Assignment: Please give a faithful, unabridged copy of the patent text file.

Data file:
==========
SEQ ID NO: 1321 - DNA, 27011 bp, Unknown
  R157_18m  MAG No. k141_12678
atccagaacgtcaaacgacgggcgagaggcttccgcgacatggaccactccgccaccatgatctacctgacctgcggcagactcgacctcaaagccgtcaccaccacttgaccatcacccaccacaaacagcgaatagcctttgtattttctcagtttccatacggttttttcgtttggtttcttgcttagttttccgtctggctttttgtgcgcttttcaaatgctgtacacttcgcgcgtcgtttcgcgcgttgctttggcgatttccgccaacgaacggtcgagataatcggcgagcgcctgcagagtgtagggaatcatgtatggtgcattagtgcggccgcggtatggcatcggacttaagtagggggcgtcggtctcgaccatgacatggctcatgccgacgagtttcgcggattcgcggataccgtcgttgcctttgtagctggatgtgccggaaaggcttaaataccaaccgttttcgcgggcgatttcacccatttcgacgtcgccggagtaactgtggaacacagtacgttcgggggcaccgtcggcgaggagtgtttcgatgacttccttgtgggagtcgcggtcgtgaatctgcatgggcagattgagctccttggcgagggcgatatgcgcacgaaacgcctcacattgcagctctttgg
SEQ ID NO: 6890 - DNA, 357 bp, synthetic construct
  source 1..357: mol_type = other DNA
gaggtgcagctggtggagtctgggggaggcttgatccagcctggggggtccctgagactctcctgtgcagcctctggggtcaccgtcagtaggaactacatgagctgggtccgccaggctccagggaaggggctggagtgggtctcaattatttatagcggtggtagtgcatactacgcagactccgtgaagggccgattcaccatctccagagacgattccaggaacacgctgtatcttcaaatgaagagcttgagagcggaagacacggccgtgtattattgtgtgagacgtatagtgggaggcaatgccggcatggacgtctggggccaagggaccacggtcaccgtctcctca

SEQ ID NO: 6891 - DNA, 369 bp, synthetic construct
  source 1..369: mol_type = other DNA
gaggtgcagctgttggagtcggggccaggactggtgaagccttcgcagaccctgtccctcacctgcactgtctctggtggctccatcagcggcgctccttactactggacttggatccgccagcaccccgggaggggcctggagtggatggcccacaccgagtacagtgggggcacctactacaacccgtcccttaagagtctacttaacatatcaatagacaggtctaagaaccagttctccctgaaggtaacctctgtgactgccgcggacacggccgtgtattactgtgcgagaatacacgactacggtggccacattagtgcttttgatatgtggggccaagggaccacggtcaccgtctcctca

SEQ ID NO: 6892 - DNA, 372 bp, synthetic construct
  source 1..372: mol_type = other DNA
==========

SEQ ID NO: 1321 - DNA, 27011 bp, Unknown
  R157_18m  MAG No. k141_12678
atccagaacgtcaaacgacgggcgagaggcttccgcgacatggaccactccgccaccatgatctacctgacctgcggcagactcgacctcaaagccgtcaccaccacttgaccatcacccaccacaaacagcgaatagcctttgtattttctcagtttccatacggttttttcgtttggtttcttgcttagttttccgtctggctttttgtgcgcttttcaaatgctgtacacttcgcgcgtcgtttcgcgcgttgctttggcgatttccgccaacgaacggtcgagataatcggcgagcgcctgcagagtgtagggaatcatgtatggtgcattagtgcggccgcggtatggcatcggacttaagtagggggcgtcggtctcgaccatgacatggctcatgccgacgagtttcgcggattcgcggataccgtcgttgcctttgtagctggatgtgccggaaaggcttaaataccaaccgttttcgcgggcgatttcacccatttcgacgtcgccggagtaactgtggaacacagtacgttcgggggcaccgtcggcgaggagtgtttcgatgacttccttgtgggagtcgcggtcgtgaatctgcatgggcagattgagctccttggcgagggcgatatgcgcacgaaacgcctcacattgcagctctttgg
SEQ ID NO: 6890 - DNA, 357 bp, synthetic construct
  source 1..357: mol_type = other DNA
gaggtgcagctggtggagtctgggggaggcttgatccagcctggggggtccctgagactctcctgtgcagcctctggggtcaccgtcagtaggaactacatgagctgggtccgccaggctccagggaaggggctggagtgggtctcaattatttatagcggtggtagtgcatactacgcagactccgtgaagggccgattcaccatctccagagacgattccaggaacacgctgtatcttcaaatgaagagcttgagagcggaagacacggccgtgtattattgtgtgagacgtatagtgggaggcaatgccggcatggacgtctggggccaagggaccacggtcaccgtctcctca

SEQ ID NO: 6891 - DNA, 369 bp, synthetic construct
  source 1..369: mol_type = other DNA
gaggtgcagctgttggagtcggggccaggactggtgaagccttcgcagaccctgtccctcacctgcactgtctctggtggctccatcagcggcgctccttactactggacttggatccgccagcaccccgggaggggcctggagtggatggcccacaccgagtacagtgggggcacctactacaacccgtcccttaagagtctacttaacatatcaatagacaggtctaagaaccagttctccctgaaggtaacctctgtgactgccgcggacacggccgtgtattactgtgcgagaatacacgactacggtggccacattagtgcttttgatatgtggggccaagggaccacggtcaccgtctcctca

SEQ ID NO: 6892 - DNA, 372 bp, synthetic construct
  source 1..372: mol_type = other DNA